Keller Center’s REACH (International Research Exchange Program) students made their final presentations this past week. The 2018 summer cohort of nine researchers from Germany and Hong Kong gave Keller staff, faculty hosts, and lab partners briefings on their summer projects while lunching on a typical American meal of macaroni and cheese and fried chicken.
Although they spent their summer tucked away in labs in EE, MAE, CS, CBE, and PRISM you may recognize some of the projects as typical summer pursuits. Enrique Jing was working on findings bugs, in smart systems. Nadine Zieger spent most of the summer swimming, in e-coli. Esther Cremer went star gazing, for polymers. It was a summer around the camp fire or Cabra burner for Ricky Chen, while staying chill, in cryogenic temperatures was a priority for Henning Sturmeit.
All kidding aside, this year’s REACH program was a great forum for international collaboration and gave the researchers a tangible understanding of what life is like in a Princeton University research lab. Many commented on the contrasts with their home University’s academic culture and how their time here will enhance their research work back home.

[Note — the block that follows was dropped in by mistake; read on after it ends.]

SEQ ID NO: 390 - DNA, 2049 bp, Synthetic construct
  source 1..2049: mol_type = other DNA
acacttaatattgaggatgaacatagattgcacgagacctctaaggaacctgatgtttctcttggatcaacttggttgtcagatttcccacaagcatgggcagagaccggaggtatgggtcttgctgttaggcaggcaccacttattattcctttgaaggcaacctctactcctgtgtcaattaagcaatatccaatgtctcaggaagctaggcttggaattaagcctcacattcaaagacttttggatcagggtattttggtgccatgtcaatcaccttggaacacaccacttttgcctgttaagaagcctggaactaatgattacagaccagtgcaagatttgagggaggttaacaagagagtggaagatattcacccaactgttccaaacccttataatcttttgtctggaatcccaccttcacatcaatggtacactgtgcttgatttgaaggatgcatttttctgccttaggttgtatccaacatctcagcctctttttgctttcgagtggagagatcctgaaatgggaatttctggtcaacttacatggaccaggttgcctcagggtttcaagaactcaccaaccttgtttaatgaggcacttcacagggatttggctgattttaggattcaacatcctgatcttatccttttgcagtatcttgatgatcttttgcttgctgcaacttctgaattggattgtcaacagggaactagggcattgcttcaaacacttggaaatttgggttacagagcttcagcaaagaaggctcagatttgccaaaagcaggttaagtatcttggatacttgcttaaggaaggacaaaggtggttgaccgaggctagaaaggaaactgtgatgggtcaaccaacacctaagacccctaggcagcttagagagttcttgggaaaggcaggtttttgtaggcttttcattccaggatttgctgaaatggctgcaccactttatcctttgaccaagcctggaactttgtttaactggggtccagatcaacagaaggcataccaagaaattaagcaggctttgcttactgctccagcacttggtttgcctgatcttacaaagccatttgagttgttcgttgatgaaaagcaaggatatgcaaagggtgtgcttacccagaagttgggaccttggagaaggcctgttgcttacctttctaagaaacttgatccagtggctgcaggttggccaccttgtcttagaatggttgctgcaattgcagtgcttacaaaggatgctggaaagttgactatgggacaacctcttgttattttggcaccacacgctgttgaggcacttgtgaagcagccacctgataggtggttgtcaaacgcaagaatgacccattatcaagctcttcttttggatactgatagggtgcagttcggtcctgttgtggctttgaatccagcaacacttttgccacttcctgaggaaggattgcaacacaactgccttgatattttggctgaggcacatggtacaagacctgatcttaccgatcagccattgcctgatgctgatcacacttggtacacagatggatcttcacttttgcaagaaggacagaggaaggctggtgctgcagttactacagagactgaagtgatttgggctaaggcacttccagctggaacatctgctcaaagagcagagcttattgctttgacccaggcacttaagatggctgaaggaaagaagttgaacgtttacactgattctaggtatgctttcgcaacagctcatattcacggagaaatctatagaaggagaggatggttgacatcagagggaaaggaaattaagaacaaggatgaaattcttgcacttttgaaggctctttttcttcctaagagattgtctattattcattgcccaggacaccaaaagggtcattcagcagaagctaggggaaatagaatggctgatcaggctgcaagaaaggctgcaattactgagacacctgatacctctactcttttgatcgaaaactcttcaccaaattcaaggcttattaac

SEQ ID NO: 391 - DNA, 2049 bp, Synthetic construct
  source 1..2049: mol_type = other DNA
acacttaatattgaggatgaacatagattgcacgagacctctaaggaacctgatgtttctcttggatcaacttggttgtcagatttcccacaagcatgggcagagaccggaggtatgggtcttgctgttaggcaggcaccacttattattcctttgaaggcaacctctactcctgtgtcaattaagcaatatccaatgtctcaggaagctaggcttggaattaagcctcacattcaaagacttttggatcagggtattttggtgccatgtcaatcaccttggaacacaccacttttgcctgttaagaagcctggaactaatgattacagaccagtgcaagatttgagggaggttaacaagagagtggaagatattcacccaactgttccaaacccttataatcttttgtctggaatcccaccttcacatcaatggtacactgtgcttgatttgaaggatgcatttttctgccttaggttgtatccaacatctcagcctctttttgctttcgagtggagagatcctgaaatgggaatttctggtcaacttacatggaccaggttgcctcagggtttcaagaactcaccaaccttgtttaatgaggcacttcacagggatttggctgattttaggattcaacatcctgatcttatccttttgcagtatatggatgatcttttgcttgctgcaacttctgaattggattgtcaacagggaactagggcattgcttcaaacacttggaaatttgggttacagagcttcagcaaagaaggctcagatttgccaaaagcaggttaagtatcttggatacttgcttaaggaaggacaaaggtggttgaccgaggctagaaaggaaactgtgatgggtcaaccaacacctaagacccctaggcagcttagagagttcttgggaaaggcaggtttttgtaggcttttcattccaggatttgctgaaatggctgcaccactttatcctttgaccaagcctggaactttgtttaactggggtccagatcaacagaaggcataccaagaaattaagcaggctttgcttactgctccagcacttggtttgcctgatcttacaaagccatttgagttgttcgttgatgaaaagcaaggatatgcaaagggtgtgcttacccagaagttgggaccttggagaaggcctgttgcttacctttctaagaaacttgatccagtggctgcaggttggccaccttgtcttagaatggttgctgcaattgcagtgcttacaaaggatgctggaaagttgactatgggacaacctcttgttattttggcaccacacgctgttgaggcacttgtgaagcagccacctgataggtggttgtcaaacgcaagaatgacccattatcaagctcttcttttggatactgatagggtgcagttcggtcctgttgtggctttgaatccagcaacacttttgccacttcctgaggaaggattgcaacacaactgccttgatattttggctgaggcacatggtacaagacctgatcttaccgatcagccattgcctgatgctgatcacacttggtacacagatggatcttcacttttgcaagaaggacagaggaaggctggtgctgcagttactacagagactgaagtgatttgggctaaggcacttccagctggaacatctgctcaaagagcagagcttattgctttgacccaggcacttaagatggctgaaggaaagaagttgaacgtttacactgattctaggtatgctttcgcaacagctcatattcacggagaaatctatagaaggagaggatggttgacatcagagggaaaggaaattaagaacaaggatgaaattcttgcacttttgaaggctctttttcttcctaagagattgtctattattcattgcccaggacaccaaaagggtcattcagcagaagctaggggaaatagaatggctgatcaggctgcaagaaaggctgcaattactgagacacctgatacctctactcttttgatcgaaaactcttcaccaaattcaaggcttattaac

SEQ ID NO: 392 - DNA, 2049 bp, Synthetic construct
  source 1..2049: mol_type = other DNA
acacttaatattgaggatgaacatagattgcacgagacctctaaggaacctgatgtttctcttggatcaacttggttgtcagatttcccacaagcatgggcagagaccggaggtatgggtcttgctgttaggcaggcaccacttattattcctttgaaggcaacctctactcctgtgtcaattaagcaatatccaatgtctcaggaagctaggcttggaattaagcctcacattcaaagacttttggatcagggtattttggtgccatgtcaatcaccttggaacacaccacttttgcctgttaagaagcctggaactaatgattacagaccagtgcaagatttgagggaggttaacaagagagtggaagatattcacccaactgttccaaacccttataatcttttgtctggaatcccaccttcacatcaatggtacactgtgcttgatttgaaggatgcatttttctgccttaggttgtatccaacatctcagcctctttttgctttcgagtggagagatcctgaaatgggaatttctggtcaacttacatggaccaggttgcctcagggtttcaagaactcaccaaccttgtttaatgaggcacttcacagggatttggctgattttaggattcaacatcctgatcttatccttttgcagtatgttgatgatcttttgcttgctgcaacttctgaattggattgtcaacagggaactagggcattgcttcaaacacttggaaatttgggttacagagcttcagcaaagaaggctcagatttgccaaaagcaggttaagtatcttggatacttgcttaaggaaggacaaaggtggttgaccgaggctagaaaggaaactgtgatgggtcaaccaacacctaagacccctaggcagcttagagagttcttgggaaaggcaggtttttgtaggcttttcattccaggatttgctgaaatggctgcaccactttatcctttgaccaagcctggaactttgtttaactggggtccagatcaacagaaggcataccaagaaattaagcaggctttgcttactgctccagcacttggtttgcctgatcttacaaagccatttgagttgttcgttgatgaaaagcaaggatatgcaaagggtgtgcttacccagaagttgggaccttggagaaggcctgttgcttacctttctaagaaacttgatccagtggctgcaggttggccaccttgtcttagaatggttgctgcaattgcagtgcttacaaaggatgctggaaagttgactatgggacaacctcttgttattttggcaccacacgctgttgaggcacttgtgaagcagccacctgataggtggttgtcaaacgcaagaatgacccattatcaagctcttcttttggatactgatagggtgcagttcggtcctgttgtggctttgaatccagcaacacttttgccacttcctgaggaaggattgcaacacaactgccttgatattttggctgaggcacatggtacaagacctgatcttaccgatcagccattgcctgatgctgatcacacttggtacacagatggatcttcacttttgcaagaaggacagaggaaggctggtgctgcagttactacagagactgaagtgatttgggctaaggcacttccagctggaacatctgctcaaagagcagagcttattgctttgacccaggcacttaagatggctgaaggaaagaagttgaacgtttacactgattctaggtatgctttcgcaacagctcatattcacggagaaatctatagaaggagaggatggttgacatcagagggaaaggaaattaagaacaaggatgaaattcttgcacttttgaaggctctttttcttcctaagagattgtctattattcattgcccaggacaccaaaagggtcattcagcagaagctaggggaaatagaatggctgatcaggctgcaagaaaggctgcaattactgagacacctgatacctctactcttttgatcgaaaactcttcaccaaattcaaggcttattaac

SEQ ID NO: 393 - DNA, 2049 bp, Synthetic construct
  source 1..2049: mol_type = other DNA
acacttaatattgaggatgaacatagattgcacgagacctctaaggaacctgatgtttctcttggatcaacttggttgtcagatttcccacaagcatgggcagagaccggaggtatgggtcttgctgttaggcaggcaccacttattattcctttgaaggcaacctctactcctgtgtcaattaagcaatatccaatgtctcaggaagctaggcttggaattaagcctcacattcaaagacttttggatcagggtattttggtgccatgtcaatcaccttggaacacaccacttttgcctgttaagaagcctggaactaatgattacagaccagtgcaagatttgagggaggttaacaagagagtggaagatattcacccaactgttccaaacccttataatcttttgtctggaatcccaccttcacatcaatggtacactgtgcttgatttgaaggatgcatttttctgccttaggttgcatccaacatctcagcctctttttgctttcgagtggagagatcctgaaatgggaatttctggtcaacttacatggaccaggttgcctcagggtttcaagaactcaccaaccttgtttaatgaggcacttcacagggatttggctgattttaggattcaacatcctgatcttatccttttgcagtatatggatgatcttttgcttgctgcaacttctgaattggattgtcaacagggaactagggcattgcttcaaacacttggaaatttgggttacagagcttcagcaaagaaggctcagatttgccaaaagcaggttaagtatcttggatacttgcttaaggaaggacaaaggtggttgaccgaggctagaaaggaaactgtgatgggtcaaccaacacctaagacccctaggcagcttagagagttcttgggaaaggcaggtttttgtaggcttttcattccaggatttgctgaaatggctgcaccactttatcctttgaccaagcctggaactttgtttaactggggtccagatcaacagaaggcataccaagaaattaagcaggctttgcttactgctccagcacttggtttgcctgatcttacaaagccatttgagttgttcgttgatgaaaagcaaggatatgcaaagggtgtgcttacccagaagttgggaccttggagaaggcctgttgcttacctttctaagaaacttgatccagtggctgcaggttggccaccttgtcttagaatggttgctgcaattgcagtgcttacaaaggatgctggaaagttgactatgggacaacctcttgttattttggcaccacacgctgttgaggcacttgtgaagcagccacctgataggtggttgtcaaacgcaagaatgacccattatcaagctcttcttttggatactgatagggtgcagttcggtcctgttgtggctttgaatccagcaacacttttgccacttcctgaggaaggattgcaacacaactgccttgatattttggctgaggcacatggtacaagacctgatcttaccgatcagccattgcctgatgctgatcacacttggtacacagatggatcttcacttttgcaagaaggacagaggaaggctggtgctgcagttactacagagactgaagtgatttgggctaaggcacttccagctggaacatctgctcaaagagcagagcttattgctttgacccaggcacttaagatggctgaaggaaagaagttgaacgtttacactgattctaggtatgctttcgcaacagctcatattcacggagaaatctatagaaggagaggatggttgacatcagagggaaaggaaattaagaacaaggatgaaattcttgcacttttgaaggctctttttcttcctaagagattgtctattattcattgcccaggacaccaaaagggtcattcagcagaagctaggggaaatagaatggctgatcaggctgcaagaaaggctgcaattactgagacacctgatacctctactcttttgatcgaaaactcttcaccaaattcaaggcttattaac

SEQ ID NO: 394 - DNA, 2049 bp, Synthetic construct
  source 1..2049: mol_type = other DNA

Another frequent comment was the friendliness on campus and the willingness of faculty hosts and grad students to advise researchers on both work in the lab and personal mentorship. Thanks to Prof. Craig Arnold, Asst. Prof. Sujit Datta, Prof. Nick Feamster, Prof. Claire Gmachl, Prof. Margaret Martonosi, Assoc. Prof. Michael Mueller, Prof. Thanos Panagiotoulos, and Prof. Nan Yao for opening their labs and creating a welcoming environment for the participants.
While their projects took priority over the last eight weeks, the cohort did get some downtime to explore the surrounding area and beyond. Esther Cremer met up with staff member Beth Jarvie while both were visiting Boston. Other students spent weekends in Seattle, DC, New York City, Philadelphia, and California.
Eight weeks has flown by, but we hope that our program has fostered some lasting friendships and impactful collaborations. As our researchers head off to explore other parts of the United States before heading home, we hope they keep in touch and wish them safe travels.